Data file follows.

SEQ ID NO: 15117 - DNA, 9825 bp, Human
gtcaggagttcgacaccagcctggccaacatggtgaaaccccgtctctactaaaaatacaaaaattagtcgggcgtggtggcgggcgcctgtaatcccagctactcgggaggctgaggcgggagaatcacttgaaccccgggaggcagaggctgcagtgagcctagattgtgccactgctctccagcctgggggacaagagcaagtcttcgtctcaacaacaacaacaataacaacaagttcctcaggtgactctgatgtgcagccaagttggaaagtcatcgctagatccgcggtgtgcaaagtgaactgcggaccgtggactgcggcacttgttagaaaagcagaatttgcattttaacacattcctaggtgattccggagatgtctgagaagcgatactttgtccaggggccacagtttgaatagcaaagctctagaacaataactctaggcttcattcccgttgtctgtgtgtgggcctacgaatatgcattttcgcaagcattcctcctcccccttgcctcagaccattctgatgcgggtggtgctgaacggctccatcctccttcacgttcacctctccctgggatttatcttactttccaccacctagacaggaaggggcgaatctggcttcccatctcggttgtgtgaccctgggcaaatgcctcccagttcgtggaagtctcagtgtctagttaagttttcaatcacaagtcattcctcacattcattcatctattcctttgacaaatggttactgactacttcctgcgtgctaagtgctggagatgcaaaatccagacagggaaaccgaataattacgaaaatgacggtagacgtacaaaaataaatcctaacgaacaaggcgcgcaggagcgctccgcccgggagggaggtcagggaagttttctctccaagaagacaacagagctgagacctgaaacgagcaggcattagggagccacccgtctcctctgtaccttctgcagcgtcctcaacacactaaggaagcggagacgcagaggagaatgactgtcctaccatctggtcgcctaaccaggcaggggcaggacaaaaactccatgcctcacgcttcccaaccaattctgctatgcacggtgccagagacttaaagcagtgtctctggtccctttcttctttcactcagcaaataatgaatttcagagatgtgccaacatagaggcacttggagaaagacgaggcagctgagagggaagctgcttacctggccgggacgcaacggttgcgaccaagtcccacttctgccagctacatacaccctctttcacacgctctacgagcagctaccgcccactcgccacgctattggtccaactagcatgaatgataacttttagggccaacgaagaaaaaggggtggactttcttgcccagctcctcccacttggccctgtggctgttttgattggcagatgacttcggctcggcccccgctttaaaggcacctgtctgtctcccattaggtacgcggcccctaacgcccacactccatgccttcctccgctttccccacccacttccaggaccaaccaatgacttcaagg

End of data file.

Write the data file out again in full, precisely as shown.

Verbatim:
SEQ ID NO: 15117 - DNA, 9825 bp, Human
gtcaggagttcgacaccagcctggccaacatggtgaaaccccgtctctactaaaaatacaaaaattagtcgggcgtggtggcgggcgcctgtaatcccagctactcgggaggctgaggcgggagaatcacttgaaccccgggaggcagaggctgcagtgagcctagattgtgccactgctctccagcctgggggacaagagcaagtcttcgtctcaacaacaacaacaataacaacaagttcctcaggtgactctgatgtgcagccaagttggaaagtcatcgctagatccgcggtgtgcaaagtgaactgcggaccgtggactgcggcacttgttagaaaagcagaatttgcattttaacacattcctaggtgattccggagatgtctgagaagcgatactttgtccaggggccacagtttgaatagcaaagctctagaacaataactctaggcttcattcccgttgtctgtgtgtgggcctacgaatatgcattttcgcaagcattcctcctcccccttgcctcagaccattctgatgcgggtggtgctgaacggctccatcctccttcacgttcacctctccctgggatttatcttactttccaccacctagacaggaaggggcgaatctggcttcccatctcggttgtgtgaccctgggcaaatgcctcccagttcgtggaagtctcagtgtctagttaagttttcaatcacaagtcattcctcacattcattcatctattcctttgacaaatggttactgactacttcctgcgtgctaagtgctggagatgcaaaatccagacagggaaaccgaataattacgaaaatgacggtagacgtacaaaaataaatcctaacgaacaaggcgcgcaggagcgctccgcccgggagggaggtcagggaagttttctctccaagaagacaacagagctgagacctgaaacgagcaggcattagggagccacccgtctcctctgtaccttctgcagcgtcctcaacacactaaggaagcggagacgcagaggagaatgactgtcctaccatctggtcgcctaaccaggcaggggcaggacaaaaactccatgcctcacgcttcccaaccaattctgctatgcacggtgccagagacttaaagcagtgtctctggtccctttcttctttcactcagcaaataatgaatttcagagatgtgccaacatagaggcacttggagaaagacgaggcagctgagagggaagctgcttacctggccgggacgcaacggttgcgaccaagtcccacttctgccagctacatacaccctctttcacacgctctacgagcagctaccgcccactcgccacgctattggtccaactagcatgaatgataacttttagggccaacgaagaaaaaggggtggactttcttgcccagctcctcccacttggccctgtggctgttttgattggcagatgacttcggctcggcccccgctttaaaggcacctgtctgtctcccattaggtacgcggcccctaacgcccacactccatgccttcctccgctttccccacccacttccaggaccaaccaatgacttcaagg